Top Cartoons: Aqua Teen Hunger Force – Total Recarl

While I’ve always enjoyed the dark humor of Williams Street, I feel like they kind of lost their way as time went on. Take the later seasons of Aqua Teen Hunger Force. They fell back on gimmicks, fourth-wall breakage, dick jokes, and guest voices. There’s a sense of growing frustration, or maybe boredom, about them, and it just got tiresome. The show wasn’t about the characters anymore, and it was disappointing.

The first three seasons, however, are where it’s at. In place of the cynicism of the later days, you’ll find real excitement and joy in the early Aqua Teens, and Total Recarl is one of the best.

There are really only two kinds of scripts in the the Aqua Teen toolbox:

1.) Weird creatures show up. Carl is victimized. Master Shake makes sarcastic comments. Meatwad tries to make friends with the creatures. Frylock eventually disposes of them.

2.) Frylock invents dangerous device. Carl is victimized. Shake makes sarcastic comments. Meatwad stands by in fear. Frylock eventually disposes of the invention.

This doesn’t signify a lack of imagination on the writers’ part, of course. These guys held nothing back once a plot got started. Total Recarl is particularly nuts, with characters dying in horrible bloody ways, and then coping with awful attempts at reanimation. The moment when Carl is asked to “try to take another step towards” Frylock is one of the funniest in animated history. It was the moment that cemented Aqua Teen Hunger Force as a new favorite of mine, even if the celebration wasn’t to last. Daniel says, “check it out.”

Eleventh Hour Desperation

Day Eleven, Depression and Friends: All these things that I’ve been talking about, these things that made this year so lousy, they fucking sucked. They disrupted, ruined, or flat out ended lives. I was very fortunate, however, in that none of them directly affected me. I was insulated, viewing them comfortably through the filter of a computer screen. I’m just a little fellow, in a wide world, after all. Sadly, knowing this doesn’t make my problems feel any smaller.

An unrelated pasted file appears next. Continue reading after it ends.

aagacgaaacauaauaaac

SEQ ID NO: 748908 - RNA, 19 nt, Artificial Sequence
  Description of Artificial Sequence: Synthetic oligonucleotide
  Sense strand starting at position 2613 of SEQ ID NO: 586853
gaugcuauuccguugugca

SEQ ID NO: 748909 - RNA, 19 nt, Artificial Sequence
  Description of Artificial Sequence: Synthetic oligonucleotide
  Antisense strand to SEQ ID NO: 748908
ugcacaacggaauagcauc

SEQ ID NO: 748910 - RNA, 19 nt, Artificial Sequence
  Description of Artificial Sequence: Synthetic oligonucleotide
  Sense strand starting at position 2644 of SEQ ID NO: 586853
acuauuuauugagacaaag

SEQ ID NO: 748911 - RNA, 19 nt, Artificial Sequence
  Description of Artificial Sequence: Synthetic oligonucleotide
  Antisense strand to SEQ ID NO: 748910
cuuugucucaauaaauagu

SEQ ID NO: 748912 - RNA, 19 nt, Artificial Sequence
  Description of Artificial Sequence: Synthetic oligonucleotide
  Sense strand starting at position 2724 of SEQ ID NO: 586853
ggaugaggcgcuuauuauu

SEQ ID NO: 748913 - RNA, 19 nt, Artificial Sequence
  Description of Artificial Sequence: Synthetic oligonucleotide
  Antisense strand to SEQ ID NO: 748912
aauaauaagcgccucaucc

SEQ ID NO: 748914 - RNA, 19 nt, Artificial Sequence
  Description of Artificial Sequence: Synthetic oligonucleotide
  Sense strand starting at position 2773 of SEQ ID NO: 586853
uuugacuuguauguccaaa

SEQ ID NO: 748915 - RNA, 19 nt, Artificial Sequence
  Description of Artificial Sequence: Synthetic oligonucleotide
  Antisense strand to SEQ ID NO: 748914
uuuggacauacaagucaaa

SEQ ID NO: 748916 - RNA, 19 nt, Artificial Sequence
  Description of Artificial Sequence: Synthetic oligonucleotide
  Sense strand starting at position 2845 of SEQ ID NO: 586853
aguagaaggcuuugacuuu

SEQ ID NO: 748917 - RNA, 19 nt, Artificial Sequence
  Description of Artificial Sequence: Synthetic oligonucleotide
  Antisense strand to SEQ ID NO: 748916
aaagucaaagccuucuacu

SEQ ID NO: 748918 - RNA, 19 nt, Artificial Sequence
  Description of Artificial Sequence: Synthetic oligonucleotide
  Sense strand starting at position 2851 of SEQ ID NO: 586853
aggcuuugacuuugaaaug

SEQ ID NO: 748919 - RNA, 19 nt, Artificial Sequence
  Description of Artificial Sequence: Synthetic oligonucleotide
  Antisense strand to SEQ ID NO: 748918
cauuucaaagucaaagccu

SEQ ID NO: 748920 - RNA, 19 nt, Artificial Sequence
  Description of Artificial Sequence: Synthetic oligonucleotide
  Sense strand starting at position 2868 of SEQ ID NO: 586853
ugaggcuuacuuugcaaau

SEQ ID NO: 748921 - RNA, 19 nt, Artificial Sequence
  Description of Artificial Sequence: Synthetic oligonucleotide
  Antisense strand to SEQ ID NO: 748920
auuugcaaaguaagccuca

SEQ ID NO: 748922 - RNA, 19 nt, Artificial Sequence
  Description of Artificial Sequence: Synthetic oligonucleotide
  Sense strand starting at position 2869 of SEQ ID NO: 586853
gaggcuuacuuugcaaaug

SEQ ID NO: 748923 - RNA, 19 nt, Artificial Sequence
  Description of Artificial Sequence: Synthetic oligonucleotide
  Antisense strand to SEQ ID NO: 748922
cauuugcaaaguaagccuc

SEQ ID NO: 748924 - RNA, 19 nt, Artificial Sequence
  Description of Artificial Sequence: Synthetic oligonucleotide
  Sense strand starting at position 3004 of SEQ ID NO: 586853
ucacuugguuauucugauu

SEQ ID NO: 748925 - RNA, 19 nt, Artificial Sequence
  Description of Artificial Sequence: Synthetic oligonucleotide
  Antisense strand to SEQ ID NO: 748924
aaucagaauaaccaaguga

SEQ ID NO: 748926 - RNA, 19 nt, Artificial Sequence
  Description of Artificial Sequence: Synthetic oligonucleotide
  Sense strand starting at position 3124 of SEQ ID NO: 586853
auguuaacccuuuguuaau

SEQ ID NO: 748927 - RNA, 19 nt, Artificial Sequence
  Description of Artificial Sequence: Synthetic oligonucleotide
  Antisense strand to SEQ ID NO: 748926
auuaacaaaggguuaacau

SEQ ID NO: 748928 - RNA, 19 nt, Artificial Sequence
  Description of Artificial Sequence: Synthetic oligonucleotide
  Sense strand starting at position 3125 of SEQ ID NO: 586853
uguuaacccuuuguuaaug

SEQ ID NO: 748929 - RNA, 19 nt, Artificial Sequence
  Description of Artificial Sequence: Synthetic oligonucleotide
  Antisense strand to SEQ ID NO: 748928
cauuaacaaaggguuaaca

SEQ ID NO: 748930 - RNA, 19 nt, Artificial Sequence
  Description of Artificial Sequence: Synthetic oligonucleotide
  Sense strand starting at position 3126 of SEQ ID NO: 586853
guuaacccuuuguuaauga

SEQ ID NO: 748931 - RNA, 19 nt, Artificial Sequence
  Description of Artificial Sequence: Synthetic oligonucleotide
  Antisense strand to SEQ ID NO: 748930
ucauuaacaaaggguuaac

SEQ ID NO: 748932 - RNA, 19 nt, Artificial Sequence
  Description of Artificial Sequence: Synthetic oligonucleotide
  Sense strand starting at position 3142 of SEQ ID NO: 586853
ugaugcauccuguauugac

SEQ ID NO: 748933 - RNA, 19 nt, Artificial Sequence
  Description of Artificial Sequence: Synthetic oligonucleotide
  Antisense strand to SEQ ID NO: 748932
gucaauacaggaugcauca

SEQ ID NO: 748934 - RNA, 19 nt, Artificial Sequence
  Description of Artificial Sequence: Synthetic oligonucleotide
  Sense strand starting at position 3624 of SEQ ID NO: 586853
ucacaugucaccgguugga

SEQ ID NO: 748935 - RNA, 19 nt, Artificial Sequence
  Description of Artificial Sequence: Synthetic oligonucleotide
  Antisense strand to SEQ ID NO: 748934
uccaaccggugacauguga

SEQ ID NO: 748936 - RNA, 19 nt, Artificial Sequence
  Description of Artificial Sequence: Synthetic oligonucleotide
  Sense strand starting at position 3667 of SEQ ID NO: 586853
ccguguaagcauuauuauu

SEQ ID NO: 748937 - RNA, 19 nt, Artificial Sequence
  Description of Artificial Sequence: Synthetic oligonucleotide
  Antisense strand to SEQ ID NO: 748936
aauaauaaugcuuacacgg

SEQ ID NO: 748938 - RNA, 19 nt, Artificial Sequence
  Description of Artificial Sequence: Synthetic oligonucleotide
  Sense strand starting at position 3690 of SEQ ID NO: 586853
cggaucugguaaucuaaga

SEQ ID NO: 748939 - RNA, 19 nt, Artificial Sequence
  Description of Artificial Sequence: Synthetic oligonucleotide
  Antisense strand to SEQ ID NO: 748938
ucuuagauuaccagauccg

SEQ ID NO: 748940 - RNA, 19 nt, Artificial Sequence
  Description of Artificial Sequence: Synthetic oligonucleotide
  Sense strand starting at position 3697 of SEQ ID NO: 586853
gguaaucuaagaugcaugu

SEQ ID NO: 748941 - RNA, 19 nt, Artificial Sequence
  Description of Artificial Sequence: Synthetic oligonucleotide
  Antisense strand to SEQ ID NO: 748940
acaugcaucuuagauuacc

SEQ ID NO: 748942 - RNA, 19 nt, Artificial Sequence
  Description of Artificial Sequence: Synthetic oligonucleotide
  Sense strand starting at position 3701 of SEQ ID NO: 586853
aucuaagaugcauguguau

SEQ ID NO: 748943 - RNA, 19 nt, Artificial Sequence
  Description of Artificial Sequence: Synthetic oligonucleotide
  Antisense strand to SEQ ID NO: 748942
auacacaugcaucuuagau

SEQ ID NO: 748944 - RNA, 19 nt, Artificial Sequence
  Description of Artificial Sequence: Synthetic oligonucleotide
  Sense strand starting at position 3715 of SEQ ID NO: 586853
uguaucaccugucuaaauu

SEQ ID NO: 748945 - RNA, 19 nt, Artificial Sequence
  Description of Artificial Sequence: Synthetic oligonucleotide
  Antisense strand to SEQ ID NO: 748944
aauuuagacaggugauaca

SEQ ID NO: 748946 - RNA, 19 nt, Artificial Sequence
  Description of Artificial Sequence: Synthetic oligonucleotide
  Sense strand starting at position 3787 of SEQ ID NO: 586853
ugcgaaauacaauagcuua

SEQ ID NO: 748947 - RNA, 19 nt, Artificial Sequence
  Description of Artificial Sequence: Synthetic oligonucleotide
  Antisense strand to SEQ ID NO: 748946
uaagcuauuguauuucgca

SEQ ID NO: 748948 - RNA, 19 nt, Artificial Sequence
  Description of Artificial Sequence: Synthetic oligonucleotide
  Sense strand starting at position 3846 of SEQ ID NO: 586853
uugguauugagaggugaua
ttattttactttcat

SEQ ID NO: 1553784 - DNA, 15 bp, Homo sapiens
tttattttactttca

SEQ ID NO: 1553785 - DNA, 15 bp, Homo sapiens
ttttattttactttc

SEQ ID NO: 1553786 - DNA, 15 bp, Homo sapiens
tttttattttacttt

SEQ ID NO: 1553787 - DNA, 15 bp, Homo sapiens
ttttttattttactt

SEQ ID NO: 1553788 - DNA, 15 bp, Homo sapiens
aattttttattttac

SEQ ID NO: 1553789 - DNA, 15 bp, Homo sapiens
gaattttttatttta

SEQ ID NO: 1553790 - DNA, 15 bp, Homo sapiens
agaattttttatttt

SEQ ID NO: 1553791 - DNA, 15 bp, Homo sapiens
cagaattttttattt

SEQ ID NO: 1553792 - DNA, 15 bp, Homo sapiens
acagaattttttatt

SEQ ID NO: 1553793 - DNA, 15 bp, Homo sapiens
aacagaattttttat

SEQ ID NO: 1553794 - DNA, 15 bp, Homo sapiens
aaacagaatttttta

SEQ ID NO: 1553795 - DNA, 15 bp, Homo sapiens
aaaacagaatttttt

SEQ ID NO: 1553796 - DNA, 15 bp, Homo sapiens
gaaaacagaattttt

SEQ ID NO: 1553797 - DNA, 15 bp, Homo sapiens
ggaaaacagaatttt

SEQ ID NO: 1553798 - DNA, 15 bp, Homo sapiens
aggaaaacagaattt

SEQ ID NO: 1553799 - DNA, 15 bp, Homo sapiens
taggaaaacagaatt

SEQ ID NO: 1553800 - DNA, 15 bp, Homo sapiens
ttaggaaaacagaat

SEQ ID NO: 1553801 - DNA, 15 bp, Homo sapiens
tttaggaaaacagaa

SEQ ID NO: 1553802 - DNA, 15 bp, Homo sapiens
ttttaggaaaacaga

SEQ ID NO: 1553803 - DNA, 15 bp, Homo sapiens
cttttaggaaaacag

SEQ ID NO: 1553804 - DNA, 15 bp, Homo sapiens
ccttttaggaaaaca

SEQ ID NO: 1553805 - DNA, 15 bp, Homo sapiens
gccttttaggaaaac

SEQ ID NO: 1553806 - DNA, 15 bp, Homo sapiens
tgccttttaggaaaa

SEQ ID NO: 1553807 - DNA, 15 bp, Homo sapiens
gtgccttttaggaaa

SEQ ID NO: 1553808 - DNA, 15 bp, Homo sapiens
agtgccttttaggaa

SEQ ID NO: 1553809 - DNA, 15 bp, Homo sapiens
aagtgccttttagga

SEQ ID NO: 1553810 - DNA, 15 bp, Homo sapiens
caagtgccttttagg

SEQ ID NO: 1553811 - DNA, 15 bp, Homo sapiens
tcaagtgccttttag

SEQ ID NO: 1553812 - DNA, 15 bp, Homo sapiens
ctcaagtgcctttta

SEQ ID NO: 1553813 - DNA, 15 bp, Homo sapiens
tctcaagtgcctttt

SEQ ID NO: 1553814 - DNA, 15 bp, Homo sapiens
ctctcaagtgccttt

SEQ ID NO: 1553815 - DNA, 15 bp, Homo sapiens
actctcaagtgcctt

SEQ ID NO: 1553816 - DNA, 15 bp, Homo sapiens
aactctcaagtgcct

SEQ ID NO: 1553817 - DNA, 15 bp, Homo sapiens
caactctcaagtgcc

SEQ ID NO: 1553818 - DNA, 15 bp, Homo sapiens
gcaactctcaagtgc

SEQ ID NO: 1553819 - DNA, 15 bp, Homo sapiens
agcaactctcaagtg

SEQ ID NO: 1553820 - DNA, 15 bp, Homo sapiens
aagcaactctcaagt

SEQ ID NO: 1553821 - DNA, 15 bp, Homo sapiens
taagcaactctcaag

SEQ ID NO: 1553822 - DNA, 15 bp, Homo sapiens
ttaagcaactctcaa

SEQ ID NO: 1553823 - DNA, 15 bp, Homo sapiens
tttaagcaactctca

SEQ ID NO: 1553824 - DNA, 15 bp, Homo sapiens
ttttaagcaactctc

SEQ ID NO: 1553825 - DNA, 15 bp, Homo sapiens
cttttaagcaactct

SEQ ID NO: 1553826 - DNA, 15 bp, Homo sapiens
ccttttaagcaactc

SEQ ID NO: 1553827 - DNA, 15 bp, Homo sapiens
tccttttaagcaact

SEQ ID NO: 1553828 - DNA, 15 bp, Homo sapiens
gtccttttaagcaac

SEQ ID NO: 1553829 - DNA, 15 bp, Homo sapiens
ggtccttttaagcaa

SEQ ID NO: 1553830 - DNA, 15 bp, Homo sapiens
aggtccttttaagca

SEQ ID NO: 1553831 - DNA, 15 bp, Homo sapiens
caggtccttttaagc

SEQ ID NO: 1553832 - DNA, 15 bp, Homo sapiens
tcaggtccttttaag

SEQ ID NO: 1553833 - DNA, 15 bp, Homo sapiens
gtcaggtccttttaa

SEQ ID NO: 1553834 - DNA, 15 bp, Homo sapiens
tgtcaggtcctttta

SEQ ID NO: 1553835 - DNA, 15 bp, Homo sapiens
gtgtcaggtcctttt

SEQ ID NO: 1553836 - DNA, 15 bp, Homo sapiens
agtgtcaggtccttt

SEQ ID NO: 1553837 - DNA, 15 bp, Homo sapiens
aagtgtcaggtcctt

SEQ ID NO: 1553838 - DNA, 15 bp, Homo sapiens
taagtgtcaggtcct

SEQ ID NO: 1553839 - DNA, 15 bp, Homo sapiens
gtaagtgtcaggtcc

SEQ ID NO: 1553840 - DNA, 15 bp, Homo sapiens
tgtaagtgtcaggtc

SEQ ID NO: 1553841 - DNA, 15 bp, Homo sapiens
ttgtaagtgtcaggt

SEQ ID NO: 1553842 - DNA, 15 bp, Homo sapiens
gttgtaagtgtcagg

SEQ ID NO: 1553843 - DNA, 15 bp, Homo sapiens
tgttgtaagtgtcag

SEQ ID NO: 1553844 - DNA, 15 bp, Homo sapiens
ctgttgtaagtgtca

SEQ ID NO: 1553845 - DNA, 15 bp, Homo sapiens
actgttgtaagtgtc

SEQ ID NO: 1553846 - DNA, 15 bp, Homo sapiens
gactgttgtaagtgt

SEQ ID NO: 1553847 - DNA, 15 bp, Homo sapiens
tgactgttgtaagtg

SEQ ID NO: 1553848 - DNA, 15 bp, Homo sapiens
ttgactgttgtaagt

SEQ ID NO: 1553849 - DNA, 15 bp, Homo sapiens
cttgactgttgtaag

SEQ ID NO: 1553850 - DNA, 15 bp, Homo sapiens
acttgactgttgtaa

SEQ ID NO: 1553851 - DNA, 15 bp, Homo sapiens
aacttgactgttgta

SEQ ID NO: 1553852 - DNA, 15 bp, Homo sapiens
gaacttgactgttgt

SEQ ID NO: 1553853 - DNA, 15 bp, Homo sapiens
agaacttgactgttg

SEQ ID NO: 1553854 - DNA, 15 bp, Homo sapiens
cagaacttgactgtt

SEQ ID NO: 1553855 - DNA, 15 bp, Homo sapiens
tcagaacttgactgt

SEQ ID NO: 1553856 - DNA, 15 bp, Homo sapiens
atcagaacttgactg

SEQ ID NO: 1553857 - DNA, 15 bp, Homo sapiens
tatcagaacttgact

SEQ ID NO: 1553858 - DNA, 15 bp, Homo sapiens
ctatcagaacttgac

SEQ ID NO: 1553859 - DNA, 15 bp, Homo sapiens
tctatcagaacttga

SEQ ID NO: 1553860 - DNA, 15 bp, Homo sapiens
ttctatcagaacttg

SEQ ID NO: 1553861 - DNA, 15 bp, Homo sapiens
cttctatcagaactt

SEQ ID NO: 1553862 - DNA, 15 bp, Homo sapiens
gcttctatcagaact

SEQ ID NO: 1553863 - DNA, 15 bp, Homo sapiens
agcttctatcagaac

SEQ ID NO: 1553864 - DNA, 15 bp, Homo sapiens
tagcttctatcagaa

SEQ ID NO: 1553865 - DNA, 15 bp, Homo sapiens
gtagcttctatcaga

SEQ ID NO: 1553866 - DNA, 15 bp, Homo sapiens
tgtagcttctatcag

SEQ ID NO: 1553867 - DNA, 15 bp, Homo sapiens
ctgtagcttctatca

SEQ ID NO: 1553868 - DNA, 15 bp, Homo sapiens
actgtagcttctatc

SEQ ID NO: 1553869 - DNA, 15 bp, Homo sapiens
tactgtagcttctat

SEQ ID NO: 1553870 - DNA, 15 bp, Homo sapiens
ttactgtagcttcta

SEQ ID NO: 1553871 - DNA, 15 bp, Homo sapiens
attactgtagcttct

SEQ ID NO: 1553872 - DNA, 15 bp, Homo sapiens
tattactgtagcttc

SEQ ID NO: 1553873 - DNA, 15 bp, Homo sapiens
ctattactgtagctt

Just a few months ago, my life was very different from what it is now. I had a full-time job and my own apartment. I was doing pretty well. I had lived that way for four years before the relapse. When the depression struck me, it struck hard. I lost my will to work, and worse, my will to do anything. I lost all interest in life. It didn’t help that it seemed like my peers were doing great, building families and buying houses.

Getting degrees.

Depression and panic attacks first visited upon me when I moved to USC in 1997. They immobilized me and made it impossible for me to leave my dorm, let alone succeed in class. I had to withdraw, and give up a substantial scholarship.

I’ve since developed an indelible fear of college that’s left me scrabbling for dead-end jobs, and I had trouble keeping those. As for a social life, forget it; I had no foundation, no sense of who I was, and I shrank from the friendly faces that approached me. I finally thought I had a sturdy handle on things in 2008, when I got a fine job that I got pretty damned good at. The company was well-run, successful even in the dark days of the recession, and my supervisors treated me like a prince. Before long, I had enough money to finally get out of my parents’ house again, and live on a modest budget. I started going to parties, making pals, dating girls. Life was looking up, and I was grateful.